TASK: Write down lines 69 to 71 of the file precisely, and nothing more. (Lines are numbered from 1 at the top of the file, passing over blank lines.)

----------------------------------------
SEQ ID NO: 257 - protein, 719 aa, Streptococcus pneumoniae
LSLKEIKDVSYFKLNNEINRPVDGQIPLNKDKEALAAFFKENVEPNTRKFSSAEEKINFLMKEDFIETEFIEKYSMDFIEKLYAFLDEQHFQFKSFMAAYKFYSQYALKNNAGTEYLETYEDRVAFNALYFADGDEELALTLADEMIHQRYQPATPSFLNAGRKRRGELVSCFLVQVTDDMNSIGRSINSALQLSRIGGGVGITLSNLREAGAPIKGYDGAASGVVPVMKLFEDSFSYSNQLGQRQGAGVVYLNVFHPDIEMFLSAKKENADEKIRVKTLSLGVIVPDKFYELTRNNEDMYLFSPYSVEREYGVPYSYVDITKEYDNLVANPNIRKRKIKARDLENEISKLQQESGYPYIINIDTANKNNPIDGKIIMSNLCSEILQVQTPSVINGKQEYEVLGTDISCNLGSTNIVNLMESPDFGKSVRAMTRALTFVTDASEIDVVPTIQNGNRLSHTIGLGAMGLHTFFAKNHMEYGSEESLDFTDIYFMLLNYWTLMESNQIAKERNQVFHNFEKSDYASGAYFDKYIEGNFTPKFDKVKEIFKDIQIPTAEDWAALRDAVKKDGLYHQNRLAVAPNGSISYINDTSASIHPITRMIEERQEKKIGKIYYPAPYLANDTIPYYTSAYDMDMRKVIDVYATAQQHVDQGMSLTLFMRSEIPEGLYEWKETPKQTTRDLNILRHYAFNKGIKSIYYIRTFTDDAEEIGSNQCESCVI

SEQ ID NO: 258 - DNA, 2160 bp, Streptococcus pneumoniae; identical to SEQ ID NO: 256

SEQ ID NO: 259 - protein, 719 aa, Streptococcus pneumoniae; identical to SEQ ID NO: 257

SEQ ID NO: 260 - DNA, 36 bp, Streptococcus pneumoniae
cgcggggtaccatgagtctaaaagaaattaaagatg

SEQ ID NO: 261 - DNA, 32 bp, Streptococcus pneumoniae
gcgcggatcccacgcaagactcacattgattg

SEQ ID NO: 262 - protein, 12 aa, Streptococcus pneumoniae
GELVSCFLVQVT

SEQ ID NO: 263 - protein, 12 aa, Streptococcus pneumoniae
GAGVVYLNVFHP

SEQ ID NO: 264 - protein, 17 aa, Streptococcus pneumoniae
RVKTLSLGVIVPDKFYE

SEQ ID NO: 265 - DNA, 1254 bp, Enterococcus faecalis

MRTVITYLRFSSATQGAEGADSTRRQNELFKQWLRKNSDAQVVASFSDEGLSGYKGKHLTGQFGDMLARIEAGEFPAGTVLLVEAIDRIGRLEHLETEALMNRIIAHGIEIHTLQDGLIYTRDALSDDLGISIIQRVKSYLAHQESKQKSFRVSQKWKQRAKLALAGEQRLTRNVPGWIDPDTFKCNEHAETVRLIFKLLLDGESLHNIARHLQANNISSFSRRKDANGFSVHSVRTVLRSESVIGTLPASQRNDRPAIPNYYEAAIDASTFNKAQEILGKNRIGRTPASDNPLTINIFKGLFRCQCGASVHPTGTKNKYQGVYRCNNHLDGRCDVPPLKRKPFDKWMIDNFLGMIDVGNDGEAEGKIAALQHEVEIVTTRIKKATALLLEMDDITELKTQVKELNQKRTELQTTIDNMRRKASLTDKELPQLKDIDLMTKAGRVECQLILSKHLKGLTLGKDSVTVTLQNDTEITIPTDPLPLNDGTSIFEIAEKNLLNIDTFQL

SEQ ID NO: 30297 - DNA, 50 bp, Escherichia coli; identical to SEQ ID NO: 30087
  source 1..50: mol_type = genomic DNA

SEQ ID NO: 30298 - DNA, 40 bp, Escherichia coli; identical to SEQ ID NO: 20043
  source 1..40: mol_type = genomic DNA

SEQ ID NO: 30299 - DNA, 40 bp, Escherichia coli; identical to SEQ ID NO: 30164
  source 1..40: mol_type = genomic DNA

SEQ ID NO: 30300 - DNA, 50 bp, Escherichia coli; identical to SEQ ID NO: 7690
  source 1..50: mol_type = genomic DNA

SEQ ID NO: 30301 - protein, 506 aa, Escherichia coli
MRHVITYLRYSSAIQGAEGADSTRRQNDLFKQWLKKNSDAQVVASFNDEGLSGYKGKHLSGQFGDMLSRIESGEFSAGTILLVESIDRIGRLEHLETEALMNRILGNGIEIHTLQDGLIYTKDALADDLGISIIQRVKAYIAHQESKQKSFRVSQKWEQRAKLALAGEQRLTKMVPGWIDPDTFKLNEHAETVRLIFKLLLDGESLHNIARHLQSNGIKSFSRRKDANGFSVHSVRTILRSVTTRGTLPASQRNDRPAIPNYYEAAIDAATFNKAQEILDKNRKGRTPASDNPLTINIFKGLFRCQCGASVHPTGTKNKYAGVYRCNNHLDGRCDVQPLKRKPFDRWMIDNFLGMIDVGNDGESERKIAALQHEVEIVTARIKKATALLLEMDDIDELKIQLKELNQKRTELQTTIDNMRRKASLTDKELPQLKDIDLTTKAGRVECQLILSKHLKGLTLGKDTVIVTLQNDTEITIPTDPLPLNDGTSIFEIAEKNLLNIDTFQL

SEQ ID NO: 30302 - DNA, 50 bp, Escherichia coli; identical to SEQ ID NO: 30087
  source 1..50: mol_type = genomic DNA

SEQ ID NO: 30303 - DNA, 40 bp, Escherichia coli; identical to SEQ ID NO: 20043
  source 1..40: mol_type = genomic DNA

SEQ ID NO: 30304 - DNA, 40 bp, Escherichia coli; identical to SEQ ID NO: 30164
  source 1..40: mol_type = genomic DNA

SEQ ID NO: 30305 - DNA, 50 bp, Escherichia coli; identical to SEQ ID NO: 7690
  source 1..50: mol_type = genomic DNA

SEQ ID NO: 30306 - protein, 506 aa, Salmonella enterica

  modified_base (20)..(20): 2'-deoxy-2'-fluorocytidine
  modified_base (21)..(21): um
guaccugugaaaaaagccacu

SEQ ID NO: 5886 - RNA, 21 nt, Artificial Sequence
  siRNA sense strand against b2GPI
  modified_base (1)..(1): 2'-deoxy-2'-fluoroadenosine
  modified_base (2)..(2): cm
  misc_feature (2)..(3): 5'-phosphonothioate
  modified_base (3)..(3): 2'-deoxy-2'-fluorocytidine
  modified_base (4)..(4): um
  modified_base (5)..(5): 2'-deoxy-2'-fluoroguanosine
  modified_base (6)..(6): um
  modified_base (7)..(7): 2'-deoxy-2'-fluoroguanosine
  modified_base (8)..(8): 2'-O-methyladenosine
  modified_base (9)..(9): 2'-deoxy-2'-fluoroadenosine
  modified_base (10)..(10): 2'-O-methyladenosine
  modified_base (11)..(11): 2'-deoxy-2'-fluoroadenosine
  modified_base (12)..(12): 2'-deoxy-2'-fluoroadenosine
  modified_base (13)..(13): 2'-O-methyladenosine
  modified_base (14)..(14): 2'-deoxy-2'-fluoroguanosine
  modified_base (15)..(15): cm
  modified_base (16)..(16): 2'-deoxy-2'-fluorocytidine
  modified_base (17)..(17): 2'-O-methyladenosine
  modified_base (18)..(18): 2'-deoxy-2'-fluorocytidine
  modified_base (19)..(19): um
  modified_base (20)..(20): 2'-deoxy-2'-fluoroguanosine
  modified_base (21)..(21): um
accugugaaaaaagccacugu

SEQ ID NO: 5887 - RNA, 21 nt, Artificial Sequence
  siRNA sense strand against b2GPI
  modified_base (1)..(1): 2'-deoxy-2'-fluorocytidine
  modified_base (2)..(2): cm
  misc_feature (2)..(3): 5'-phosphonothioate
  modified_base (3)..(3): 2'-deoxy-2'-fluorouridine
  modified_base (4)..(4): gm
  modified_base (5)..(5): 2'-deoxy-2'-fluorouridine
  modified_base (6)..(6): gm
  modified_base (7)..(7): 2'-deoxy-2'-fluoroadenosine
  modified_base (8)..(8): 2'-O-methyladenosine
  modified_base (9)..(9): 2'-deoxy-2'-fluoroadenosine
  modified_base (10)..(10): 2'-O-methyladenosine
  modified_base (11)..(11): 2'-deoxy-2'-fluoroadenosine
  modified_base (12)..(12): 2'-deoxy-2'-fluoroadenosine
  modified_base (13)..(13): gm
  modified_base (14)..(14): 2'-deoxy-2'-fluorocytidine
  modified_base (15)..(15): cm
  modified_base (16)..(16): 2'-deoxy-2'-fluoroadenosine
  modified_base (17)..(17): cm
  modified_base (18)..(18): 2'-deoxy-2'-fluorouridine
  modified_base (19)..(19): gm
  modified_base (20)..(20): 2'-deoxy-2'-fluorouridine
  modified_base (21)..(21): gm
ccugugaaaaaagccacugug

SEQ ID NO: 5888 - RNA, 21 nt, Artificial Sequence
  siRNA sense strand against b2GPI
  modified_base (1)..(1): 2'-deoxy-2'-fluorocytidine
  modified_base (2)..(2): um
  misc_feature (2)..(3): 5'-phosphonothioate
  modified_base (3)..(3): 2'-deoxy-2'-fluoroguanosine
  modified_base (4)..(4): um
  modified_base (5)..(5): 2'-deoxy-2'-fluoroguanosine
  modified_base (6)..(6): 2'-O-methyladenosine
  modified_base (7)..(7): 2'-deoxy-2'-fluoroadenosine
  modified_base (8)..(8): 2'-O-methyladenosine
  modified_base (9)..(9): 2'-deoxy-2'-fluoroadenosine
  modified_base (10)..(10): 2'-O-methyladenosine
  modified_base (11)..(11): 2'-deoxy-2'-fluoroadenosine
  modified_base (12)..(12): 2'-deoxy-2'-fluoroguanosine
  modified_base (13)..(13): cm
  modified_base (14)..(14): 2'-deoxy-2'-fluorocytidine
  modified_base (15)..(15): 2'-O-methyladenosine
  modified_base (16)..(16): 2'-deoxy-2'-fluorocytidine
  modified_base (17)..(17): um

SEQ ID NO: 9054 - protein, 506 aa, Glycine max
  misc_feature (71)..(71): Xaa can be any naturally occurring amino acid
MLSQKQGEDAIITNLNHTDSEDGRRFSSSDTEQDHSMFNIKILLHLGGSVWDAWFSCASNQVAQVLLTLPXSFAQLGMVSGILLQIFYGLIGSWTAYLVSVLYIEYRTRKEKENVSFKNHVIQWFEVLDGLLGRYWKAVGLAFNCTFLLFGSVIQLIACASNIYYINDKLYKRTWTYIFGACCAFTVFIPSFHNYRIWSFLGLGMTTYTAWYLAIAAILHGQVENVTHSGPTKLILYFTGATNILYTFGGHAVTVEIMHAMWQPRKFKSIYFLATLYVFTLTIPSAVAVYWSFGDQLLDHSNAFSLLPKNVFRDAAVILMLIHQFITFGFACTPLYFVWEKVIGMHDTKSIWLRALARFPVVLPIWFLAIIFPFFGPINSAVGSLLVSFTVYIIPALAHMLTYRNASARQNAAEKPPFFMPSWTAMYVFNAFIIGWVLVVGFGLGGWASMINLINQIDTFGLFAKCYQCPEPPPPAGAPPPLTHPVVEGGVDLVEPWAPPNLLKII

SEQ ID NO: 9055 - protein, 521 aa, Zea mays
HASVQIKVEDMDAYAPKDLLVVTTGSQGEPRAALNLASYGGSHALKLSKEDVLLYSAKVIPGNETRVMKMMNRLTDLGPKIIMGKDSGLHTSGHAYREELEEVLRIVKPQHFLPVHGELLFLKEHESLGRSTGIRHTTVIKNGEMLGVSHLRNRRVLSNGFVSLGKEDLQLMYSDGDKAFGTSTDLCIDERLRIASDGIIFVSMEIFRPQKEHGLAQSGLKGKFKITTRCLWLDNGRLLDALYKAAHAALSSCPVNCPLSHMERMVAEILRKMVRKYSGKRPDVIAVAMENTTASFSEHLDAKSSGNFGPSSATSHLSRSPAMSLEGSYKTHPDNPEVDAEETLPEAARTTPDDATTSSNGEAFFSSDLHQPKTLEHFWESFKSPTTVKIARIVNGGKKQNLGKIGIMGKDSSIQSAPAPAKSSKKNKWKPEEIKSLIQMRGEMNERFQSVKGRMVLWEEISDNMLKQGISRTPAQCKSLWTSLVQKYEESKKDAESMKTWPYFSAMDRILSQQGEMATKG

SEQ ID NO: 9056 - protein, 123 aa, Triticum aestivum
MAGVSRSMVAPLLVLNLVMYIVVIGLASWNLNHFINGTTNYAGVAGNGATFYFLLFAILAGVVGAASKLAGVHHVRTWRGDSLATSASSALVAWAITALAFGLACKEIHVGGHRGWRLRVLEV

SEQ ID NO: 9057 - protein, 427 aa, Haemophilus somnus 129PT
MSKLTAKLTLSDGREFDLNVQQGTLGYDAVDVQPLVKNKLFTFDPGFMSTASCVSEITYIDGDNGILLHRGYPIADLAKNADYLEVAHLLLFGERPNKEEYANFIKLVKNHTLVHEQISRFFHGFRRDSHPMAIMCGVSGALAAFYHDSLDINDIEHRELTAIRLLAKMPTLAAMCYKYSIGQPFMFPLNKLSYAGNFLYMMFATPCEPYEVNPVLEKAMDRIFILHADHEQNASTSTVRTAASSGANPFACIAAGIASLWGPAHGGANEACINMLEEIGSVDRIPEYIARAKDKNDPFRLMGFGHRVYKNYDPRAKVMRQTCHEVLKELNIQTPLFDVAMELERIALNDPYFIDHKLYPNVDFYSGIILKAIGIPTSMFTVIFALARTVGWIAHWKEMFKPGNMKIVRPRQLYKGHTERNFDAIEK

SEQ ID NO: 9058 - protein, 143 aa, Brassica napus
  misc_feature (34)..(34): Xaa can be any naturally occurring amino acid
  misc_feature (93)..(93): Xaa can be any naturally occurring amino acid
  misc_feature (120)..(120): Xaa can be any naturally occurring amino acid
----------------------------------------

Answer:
  modified_base (3)..(3): 2'-deoxy-2'-fluorouridine
  modified_base (4)..(4): gm
  modified_base (5)..(5): 2'-deoxy-2'-fluorouridine